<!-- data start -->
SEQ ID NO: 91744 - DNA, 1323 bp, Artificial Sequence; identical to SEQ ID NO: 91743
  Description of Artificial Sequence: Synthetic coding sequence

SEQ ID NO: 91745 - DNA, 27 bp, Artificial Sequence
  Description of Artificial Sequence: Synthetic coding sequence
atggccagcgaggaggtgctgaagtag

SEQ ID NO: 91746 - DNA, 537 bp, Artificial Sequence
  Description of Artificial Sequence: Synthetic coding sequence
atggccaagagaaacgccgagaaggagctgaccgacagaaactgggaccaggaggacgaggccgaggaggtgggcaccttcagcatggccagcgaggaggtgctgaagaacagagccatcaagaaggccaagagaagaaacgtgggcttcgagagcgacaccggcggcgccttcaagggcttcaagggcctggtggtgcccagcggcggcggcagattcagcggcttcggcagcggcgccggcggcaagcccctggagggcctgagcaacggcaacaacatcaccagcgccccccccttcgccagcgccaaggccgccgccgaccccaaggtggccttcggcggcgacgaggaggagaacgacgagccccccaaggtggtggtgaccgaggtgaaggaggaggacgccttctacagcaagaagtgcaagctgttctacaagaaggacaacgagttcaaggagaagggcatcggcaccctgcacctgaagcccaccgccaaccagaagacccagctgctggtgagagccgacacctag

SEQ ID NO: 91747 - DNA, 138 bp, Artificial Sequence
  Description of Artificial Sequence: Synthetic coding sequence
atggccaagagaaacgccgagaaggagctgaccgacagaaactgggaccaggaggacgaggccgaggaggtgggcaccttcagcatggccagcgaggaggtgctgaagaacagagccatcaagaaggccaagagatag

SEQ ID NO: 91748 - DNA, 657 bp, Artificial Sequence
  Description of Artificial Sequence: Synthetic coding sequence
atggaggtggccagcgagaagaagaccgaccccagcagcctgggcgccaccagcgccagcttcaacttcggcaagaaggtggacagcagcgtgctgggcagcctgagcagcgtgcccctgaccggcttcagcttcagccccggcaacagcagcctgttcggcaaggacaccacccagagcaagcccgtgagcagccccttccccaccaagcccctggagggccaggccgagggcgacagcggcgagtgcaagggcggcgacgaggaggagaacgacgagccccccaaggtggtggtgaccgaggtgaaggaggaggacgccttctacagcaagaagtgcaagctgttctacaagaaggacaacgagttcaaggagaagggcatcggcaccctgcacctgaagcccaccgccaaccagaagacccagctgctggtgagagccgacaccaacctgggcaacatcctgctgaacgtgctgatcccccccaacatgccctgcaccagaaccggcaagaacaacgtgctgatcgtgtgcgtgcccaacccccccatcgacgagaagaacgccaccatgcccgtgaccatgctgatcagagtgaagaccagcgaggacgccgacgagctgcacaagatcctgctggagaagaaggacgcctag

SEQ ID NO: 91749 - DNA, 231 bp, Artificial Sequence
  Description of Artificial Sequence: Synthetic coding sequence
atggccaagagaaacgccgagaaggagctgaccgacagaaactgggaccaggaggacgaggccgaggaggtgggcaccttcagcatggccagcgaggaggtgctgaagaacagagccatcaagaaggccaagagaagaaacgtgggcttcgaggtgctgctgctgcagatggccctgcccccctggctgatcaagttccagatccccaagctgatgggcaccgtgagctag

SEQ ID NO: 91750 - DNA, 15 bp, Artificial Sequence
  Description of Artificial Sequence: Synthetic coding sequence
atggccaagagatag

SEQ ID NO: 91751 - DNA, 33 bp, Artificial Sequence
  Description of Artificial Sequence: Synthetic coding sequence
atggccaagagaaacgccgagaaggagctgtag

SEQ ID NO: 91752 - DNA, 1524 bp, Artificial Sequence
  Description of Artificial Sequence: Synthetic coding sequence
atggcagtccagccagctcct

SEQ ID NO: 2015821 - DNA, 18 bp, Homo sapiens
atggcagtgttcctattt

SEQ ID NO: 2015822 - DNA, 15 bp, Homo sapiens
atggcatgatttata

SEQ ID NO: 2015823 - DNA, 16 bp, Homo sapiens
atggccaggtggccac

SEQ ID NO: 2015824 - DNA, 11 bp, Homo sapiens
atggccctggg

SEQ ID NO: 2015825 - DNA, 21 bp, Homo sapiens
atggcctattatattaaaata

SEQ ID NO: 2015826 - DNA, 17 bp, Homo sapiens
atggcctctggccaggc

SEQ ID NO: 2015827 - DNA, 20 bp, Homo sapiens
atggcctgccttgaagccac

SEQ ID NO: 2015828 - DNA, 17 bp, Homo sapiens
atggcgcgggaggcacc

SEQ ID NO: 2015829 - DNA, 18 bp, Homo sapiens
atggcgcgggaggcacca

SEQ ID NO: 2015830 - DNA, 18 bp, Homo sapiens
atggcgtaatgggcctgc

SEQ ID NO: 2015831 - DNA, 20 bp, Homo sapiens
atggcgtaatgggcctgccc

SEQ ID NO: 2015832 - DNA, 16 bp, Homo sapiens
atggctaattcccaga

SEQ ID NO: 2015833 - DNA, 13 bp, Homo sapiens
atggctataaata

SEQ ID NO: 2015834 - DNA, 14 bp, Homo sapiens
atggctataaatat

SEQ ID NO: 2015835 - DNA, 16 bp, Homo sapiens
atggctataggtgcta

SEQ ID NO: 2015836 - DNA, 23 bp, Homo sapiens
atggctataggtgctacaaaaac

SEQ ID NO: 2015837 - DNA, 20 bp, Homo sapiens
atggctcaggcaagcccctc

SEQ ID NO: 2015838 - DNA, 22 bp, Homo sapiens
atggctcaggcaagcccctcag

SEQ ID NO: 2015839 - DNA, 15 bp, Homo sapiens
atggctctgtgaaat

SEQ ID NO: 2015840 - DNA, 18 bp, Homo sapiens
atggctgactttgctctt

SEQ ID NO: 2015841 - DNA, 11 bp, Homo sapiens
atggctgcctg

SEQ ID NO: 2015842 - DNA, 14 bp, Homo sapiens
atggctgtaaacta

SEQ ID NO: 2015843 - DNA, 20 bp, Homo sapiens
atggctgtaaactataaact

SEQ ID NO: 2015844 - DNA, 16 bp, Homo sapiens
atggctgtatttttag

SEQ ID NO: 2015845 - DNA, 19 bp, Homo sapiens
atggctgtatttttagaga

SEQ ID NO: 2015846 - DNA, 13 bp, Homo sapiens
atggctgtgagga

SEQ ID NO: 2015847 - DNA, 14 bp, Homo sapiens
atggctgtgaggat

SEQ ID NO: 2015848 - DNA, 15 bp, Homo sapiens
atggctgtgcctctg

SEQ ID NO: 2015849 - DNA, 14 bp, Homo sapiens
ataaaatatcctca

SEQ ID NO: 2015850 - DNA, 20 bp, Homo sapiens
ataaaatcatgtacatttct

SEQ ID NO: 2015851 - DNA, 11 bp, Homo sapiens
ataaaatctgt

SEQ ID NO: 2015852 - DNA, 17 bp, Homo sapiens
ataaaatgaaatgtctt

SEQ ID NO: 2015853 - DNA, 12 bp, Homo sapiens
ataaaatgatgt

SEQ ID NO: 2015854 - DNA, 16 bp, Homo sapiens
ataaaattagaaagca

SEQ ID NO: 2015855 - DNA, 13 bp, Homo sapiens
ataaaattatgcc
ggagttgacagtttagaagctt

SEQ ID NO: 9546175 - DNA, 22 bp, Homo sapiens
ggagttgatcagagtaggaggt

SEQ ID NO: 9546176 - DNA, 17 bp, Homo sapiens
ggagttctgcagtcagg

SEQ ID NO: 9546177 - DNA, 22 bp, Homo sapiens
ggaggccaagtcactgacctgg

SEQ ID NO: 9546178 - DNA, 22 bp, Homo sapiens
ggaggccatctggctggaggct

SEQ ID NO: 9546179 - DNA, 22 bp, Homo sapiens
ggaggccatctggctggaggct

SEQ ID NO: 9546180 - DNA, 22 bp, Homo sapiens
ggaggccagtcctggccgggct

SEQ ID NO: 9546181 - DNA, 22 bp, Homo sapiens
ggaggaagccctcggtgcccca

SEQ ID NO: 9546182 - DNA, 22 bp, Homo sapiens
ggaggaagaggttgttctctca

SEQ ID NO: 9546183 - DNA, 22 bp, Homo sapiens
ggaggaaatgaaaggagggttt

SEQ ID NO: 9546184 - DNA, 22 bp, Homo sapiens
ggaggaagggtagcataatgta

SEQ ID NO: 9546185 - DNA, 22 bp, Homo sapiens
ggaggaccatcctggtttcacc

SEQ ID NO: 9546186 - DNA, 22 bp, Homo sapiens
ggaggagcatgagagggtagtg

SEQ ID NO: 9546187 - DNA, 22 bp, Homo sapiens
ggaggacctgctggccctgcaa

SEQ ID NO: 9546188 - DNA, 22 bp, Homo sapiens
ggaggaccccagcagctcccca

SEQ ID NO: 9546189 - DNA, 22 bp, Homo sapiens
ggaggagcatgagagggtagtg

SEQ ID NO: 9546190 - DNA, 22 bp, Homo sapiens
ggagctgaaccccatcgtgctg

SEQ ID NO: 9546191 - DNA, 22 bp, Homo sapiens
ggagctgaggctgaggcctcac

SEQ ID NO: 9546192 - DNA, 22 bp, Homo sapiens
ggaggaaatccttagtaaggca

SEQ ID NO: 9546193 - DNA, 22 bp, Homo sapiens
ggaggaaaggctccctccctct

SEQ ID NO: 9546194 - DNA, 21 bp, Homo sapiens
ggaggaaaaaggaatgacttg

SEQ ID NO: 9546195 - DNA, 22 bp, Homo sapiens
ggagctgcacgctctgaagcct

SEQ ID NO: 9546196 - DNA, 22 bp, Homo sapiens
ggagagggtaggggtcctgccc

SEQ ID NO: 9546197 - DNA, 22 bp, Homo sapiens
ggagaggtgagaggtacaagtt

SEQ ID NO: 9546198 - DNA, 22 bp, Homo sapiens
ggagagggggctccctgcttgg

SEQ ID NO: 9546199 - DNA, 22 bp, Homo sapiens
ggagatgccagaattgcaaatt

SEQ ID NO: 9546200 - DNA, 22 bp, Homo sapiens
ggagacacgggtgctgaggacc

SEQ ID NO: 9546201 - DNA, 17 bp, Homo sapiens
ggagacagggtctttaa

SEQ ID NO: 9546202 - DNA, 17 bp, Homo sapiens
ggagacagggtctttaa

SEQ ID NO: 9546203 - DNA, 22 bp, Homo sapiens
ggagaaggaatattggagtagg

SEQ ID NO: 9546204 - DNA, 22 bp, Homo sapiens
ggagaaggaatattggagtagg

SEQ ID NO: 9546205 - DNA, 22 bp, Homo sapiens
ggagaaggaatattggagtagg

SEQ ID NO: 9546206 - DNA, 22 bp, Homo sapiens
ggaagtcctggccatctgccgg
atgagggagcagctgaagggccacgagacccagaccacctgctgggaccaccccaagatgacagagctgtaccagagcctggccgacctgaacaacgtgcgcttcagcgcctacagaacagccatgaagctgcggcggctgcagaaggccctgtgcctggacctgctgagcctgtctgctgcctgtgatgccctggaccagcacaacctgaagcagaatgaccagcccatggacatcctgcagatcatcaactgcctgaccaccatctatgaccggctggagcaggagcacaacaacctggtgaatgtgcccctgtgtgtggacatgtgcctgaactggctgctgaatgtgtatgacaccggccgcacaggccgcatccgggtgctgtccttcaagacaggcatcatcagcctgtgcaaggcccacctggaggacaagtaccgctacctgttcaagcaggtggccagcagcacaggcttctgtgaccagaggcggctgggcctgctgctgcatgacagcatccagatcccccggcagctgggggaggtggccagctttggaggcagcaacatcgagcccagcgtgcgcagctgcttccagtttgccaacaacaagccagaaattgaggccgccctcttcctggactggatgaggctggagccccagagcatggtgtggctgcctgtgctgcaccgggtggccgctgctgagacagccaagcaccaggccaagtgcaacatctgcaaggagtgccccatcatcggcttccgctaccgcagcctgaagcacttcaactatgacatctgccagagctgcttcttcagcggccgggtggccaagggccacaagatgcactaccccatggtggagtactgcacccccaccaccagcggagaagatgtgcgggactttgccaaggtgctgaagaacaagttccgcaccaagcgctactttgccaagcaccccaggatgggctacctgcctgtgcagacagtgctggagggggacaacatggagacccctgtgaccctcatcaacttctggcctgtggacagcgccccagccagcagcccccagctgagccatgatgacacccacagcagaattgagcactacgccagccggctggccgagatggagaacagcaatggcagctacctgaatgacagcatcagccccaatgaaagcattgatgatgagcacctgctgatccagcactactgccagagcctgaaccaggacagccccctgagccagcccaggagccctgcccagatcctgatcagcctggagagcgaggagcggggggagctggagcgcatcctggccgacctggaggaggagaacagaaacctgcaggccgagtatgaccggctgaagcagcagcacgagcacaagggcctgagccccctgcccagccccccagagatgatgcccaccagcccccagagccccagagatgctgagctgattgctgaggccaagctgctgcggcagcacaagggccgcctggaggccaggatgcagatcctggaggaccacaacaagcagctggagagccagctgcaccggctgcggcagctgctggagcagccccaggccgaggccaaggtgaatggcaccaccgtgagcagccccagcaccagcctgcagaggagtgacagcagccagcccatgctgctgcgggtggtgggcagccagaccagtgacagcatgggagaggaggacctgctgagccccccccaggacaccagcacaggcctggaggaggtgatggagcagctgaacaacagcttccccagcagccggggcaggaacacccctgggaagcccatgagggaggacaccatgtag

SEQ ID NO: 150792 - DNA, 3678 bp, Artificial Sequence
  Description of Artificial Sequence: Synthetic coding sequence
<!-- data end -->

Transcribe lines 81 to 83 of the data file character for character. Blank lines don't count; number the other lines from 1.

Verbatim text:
SEQ ID NO: 2015848 - DNA, 15 bp, Homo sapiens
atggctgtgcctctg

SEQ ID NO: 2015849 - DNA, 14 bp, Homo sapiens